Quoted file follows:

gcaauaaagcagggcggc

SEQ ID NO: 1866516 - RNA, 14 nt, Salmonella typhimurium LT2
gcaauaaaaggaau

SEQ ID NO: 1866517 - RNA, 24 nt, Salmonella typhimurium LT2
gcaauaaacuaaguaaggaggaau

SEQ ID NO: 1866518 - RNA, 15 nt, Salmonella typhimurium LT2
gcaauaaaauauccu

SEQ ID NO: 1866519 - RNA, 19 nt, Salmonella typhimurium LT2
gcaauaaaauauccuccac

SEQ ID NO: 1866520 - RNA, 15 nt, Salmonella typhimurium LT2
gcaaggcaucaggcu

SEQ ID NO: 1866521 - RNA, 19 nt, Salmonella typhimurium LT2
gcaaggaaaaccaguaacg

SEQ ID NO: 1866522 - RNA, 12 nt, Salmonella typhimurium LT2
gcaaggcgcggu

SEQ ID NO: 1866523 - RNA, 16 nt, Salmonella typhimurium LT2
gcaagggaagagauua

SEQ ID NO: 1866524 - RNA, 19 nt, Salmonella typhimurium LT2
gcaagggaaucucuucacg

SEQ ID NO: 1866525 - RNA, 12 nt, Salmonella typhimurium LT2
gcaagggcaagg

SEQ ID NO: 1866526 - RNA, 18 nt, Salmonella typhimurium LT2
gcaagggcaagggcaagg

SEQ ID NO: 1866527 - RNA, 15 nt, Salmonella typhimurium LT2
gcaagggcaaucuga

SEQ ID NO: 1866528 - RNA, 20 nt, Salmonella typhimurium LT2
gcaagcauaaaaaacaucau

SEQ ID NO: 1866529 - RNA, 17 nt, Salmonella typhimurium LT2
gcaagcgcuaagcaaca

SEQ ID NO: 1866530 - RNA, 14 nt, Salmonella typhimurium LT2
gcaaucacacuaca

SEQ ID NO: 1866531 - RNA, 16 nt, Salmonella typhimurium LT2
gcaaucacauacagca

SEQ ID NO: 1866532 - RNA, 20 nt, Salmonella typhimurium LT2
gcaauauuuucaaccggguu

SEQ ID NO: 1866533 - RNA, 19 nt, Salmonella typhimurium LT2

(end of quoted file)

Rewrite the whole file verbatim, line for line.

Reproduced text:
gcaauaaagcagggcggc

SEQ ID NO: 1866516 - RNA, 14 nt, Salmonella typhimurium LT2
gcaauaaaaggaau

SEQ ID NO: 1866517 - RNA, 24 nt, Salmonella typhimurium LT2
gcaauaaacuaaguaaggaggaau

SEQ ID NO: 1866518 - RNA, 15 nt, Salmonella typhimurium LT2
gcaauaaaauauccu

SEQ ID NO: 1866519 - RNA, 19 nt, Salmonella typhimurium LT2
gcaauaaaauauccuccac

SEQ ID NO: 1866520 - RNA, 15 nt, Salmonella typhimurium LT2
gcaaggcaucaggcu

SEQ ID NO: 1866521 - RNA, 19 nt, Salmonella typhimurium LT2
gcaaggaaaaccaguaacg

SEQ ID NO: 1866522 - RNA, 12 nt, Salmonella typhimurium LT2
gcaaggcgcggu

SEQ ID NO: 1866523 - RNA, 16 nt, Salmonella typhimurium LT2
gcaagggaagagauua

SEQ ID NO: 1866524 - RNA, 19 nt, Salmonella typhimurium LT2
gcaagggaaucucuucacg

SEQ ID NO: 1866525 - RNA, 12 nt, Salmonella typhimurium LT2
gcaagggcaagg

SEQ ID NO: 1866526 - RNA, 18 nt, Salmonella typhimurium LT2
gcaagggcaagggcaagg

SEQ ID NO: 1866527 - RNA, 15 nt, Salmonella typhimurium LT2
gcaagggcaaucuga

SEQ ID NO: 1866528 - RNA, 20 nt, Salmonella typhimurium LT2
gcaagcauaaaaaacaucau

SEQ ID NO: 1866529 - RNA, 17 nt, Salmonella typhimurium LT2
gcaagcgcuaagcaaca

SEQ ID NO: 1866530 - RNA, 14 nt, Salmonella typhimurium LT2
gcaaucacacuaca

SEQ ID NO: 1866531 - RNA, 16 nt, Salmonella typhimurium LT2
gcaaucacauacagca

SEQ ID NO: 1866532 - RNA, 20 nt, Salmonella typhimurium LT2
gcaauauuuucaaccggguu

SEQ ID NO: 1866533 - RNA, 19 nt, Salmonella typhimurium LT2